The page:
San Diego infrastructure rally
SAN DIEGO (KUSI) – The residents of Sherman Heights and Councilmember David Alvarez say sidewalk repairs are all but forgotten despite all the talk about streets and infrastructure being a priority.
Meantime, cracked sidewalks are causing injuries and property owners are responsible for permanent repairs to damaged sidewalks.
The councilmember and several Sherman Heights residents gathered at 21st and Imperial to urge the city to step up sidewalk repairs that are causing injuries every year and taxpayers are on the hook for the medical bills.
Trying to navigate huge cracks can be dangerous for mothers wheeling babies in strollers over uneven sidewalks.
Broken sidewalks in every city neighborhood are also a challenge for seniors who dare not walk out onto the street.
"I come here so they fix the sidewalks so the senior will not fall again because there’s a lot of seniors that get hurt," said Sylvia Leon of San Ysidro.
Sandra, another resident, is one of those who has been hurt by the sidewalks.
"I broke my arm, broke my wrist, and I broke my knee and I said it, why you no complain cause we don’t know where to go," she said.
In 2014, the city paid $172 thousand for trips and falls in 2015 that shot up to $640 thousand.
To Luz Palomino, it’s not that the city isn’t doing anything, but for some communities, like Sherman Heights, it’s just not enough.
"they do something, a little outside our community but nothing here I thin its not fair, we want equally," Palomino said.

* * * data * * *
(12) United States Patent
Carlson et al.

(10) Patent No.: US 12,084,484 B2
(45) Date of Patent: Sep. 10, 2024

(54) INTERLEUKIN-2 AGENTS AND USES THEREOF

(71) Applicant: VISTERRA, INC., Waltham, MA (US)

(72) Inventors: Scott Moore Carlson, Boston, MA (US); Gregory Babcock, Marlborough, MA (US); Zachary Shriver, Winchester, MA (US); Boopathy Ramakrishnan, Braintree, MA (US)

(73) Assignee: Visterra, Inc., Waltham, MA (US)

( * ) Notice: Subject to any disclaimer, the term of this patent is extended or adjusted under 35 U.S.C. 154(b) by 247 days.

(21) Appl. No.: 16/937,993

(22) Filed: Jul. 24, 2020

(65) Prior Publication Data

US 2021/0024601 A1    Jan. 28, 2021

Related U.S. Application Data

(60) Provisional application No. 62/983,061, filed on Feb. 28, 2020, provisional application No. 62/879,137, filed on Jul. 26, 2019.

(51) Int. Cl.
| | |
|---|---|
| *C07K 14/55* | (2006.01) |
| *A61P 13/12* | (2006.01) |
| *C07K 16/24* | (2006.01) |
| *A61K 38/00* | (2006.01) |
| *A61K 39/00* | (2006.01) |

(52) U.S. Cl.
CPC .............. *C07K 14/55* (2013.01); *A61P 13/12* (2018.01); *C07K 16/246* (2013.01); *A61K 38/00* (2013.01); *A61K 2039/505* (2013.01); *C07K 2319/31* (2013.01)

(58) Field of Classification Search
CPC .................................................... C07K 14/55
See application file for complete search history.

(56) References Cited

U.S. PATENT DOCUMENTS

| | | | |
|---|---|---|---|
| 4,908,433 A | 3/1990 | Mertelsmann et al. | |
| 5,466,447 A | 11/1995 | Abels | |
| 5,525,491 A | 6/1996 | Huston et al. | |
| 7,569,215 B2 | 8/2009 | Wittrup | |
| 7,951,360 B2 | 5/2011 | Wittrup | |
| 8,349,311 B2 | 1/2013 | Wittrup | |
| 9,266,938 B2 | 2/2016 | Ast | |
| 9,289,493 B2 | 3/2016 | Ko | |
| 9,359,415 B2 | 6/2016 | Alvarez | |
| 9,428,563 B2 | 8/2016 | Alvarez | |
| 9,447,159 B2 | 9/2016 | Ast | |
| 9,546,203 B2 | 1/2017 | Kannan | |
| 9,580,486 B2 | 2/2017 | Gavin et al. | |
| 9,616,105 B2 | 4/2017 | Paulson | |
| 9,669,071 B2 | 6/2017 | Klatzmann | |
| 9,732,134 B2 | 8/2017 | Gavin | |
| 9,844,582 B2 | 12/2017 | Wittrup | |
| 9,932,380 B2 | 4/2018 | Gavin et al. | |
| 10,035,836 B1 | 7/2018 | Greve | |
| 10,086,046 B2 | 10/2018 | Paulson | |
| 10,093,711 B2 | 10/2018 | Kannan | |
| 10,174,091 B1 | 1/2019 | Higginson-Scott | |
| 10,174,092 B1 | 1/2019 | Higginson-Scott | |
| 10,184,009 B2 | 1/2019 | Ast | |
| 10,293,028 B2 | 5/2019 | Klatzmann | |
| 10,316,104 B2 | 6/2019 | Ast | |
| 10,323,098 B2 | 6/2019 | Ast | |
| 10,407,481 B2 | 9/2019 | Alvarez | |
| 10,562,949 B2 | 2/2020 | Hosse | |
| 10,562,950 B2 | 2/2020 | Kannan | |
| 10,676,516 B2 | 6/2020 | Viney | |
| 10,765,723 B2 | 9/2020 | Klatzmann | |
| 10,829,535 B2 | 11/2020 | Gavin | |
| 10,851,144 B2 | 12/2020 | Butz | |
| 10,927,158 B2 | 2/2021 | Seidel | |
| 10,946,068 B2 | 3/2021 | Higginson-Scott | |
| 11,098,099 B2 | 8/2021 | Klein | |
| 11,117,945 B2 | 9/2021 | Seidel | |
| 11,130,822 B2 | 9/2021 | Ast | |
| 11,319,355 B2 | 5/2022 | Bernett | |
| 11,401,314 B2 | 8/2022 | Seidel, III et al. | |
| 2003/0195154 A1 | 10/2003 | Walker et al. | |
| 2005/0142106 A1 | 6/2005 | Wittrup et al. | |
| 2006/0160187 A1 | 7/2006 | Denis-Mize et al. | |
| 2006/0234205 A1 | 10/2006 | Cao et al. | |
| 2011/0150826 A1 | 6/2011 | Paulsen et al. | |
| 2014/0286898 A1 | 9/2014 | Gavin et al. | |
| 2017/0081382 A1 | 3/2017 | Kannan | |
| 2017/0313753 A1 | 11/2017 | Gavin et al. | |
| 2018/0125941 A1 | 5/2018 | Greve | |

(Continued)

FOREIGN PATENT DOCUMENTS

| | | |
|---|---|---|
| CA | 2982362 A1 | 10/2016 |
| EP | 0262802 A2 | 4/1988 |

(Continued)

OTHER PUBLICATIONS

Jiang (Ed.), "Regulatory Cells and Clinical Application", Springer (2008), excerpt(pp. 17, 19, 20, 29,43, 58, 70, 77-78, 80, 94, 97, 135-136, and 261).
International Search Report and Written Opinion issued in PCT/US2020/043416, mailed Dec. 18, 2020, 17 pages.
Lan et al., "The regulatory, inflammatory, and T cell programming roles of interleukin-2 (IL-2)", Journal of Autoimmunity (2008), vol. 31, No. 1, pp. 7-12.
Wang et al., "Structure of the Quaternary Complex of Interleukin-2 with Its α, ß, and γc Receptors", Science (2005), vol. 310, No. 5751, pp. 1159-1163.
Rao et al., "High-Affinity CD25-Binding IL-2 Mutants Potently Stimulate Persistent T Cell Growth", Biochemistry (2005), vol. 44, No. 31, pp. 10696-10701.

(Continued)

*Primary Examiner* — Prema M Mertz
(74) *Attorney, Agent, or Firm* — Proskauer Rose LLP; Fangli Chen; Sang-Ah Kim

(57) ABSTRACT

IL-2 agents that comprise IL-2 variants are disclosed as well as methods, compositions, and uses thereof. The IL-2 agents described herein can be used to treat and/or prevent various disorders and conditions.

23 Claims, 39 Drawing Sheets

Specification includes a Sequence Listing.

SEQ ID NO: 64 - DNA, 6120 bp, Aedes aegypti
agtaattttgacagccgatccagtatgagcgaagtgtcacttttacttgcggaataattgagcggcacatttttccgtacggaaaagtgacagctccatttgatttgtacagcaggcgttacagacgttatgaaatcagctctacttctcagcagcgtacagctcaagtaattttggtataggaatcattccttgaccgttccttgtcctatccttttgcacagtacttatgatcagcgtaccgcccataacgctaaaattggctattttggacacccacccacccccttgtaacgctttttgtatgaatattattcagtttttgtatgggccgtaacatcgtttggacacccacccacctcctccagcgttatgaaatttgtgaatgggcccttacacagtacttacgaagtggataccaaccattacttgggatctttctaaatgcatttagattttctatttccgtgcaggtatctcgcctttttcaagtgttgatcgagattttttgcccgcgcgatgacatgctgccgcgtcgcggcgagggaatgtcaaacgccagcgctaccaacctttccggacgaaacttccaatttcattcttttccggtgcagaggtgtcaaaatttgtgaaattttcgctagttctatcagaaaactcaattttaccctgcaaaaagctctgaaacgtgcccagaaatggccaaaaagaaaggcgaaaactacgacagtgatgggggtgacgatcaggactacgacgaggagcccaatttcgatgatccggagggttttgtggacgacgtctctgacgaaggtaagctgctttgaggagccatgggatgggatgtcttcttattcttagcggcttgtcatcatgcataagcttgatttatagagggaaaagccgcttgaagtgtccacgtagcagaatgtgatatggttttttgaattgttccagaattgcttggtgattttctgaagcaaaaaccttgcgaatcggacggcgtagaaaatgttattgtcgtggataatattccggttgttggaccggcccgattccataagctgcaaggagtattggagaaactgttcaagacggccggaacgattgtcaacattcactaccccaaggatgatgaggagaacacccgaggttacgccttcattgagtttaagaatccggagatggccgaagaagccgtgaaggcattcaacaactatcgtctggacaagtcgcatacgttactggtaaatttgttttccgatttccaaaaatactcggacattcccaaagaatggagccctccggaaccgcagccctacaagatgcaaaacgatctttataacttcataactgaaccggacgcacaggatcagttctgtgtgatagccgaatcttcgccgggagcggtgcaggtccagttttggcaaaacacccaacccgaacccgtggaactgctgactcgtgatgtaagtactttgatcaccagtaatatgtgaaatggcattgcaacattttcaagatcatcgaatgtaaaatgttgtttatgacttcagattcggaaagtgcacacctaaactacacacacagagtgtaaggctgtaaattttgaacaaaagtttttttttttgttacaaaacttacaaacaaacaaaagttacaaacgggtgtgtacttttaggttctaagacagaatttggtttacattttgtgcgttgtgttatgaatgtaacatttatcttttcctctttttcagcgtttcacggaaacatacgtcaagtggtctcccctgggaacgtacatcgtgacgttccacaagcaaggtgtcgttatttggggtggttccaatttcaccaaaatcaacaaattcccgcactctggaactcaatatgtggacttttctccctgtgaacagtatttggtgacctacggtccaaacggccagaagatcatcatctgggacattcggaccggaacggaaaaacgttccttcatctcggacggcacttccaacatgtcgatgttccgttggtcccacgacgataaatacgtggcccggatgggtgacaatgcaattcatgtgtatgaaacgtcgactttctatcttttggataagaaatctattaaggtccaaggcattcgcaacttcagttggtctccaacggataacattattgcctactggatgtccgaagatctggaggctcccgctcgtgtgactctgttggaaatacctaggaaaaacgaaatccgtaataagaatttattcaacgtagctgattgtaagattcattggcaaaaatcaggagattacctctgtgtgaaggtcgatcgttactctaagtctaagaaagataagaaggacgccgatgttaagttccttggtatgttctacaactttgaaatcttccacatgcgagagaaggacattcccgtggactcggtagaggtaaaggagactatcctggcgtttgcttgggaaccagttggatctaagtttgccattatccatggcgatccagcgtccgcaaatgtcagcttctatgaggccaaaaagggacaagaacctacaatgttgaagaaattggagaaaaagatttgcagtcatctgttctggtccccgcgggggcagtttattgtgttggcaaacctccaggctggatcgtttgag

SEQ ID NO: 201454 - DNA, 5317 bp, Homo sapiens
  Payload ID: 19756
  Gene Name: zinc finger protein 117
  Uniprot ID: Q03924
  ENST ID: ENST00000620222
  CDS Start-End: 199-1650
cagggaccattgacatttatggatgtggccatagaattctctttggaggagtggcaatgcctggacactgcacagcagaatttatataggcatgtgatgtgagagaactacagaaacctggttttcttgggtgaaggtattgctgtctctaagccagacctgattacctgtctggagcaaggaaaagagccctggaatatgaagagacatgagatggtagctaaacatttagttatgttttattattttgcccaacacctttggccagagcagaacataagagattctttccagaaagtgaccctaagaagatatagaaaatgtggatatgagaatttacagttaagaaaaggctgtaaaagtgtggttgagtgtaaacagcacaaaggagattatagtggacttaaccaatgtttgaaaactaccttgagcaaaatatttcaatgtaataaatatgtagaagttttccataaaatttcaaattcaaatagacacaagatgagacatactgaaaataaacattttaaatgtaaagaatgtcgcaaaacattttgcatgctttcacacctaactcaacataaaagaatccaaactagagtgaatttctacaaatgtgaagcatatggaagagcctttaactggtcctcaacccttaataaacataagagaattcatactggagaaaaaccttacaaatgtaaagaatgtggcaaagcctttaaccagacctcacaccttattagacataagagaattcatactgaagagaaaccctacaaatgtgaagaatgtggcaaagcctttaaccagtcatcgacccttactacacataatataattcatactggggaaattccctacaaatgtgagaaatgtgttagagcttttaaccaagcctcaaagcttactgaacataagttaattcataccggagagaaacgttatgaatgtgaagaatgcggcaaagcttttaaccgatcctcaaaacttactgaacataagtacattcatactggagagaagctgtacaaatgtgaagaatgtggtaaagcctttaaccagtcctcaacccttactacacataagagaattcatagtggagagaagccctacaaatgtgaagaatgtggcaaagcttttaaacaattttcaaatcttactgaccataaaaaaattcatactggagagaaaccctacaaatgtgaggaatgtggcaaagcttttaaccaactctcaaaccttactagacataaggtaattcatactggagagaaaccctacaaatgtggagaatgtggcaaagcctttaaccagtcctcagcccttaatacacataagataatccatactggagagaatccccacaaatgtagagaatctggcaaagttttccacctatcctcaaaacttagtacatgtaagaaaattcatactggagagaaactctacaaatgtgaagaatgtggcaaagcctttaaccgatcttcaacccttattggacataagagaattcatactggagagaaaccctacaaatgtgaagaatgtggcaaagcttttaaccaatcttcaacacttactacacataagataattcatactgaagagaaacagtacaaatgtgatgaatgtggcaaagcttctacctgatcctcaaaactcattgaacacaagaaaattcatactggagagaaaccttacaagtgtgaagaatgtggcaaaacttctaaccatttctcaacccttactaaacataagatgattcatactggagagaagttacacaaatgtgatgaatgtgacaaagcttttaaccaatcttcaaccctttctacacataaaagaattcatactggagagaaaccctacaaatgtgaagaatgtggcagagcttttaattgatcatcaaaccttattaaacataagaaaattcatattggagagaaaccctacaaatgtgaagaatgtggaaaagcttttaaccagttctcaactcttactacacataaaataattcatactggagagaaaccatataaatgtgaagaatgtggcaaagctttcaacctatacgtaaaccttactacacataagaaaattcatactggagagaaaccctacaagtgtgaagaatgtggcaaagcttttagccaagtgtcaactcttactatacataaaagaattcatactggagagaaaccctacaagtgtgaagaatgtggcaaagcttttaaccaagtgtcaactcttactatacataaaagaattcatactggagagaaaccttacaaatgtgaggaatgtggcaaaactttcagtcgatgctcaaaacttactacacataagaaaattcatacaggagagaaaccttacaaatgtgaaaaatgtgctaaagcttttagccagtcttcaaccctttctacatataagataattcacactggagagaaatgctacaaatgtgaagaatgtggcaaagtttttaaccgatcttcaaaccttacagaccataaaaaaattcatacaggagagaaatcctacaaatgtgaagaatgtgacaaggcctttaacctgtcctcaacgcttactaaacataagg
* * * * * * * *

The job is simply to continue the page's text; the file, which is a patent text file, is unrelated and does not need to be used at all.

A few blocks away in Golden Hill, she sees a different story.
"The streets, everything is neat and nice but not Sherman," Palomino said.
"We are waiting out turn to have the city or the mayor invest, we want to see some changes," Leon said.
"We want to make sure that everybody hears us loud and clear. The community is demanding that we have safe sidewalks for everyone," said Councilmember David Alvarez.
One reason repairs are slow is because property owners are responsible for replacing damaged sidewalks. Councilmember Alvarez wants that changed.
"I strongly believe that the council policy needs to be revised to shift the cost of maintaining sidewalks back to the city 100 percent," he said.
And Alvarez said the "Rebuild San Diego" infrastructure charter change is political spin, giving everyone the impression it will solve our infrastructure problem, yet sidewalks were not included in that comprehensive assessment of needs. Our needs over the next 5 years, he says, is $1.5 billion. "Rebuild" will only provide $186 million.
"This proposal doesn’t even get us 10 percent of that money over the next five years. It absolutely does not solve the infrastructure problem," he added.
The councilmember said the vast majority of the $3 billion funding from "Rebuild San Diego" will not be available until 15 years from now.